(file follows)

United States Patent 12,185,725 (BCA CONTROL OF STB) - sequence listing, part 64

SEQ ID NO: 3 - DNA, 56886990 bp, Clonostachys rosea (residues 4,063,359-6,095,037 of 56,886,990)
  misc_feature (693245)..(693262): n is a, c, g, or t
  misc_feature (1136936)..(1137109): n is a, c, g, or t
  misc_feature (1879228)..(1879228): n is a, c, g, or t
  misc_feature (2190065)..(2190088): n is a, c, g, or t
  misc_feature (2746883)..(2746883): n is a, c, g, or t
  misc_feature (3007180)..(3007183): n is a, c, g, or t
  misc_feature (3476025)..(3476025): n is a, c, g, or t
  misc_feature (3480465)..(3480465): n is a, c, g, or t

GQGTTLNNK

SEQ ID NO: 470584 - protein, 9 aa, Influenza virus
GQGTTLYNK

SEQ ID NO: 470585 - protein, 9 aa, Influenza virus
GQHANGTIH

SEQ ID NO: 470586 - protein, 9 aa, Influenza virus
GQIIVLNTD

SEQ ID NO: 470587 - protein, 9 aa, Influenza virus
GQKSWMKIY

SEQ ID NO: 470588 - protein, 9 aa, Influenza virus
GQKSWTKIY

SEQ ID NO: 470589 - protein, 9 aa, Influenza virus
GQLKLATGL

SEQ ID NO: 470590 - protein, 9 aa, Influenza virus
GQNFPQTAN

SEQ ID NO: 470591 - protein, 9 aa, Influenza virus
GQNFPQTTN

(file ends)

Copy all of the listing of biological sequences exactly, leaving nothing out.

United States Patent 12,185,725 (BCA CONTROL OF STB) - sequence listing, part 64

SEQ ID NO: 3 - DNA, 56886990 bp, Clonostachys rosea (residues 4,063,359-6,095,037 of 56,886,990)
  misc_feature (693245)..(693262): n is a, c, g, or t
  misc_feature (1136936)..(1137109): n is a, c, g, or t
  misc_feature (1879228)..(1879228): n is a, c, g, or t
  misc_feature (2190065)..(2190088): n is a, c, g, or t
  misc_feature (2746883)..(2746883): n is a, c, g, or t
  misc_feature (3007180)..(3007183): n is a, c, g, or t
  misc_feature (3476025)..(3476025): n is a, c, g, or t
  misc_feature (3480465)..(3480465): n is a, c, g, or t

GQGTTLNNK

SEQ ID NO: 470584 - protein, 9 aa, Influenza virus
GQGTTLYNK

SEQ ID NO: 470585 - protein, 9 aa, Influenza virus
GQHANGTIH

SEQ ID NO: 470586 - protein, 9 aa, Influenza virus
GQIIVLNTD

SEQ ID NO: 470587 - protein, 9 aa, Influenza virus
GQKSWMKIY

SEQ ID NO: 470588 - protein, 9 aa, Influenza virus
GQKSWTKIY

SEQ ID NO: 470589 - protein, 9 aa, Influenza virus
GQLKLATGL

SEQ ID NO: 470590 - protein, 9 aa, Influenza virus
GQNFPQTAN

SEQ ID NO: 470591 - protein, 9 aa, Influenza virus
GQNFPQTTN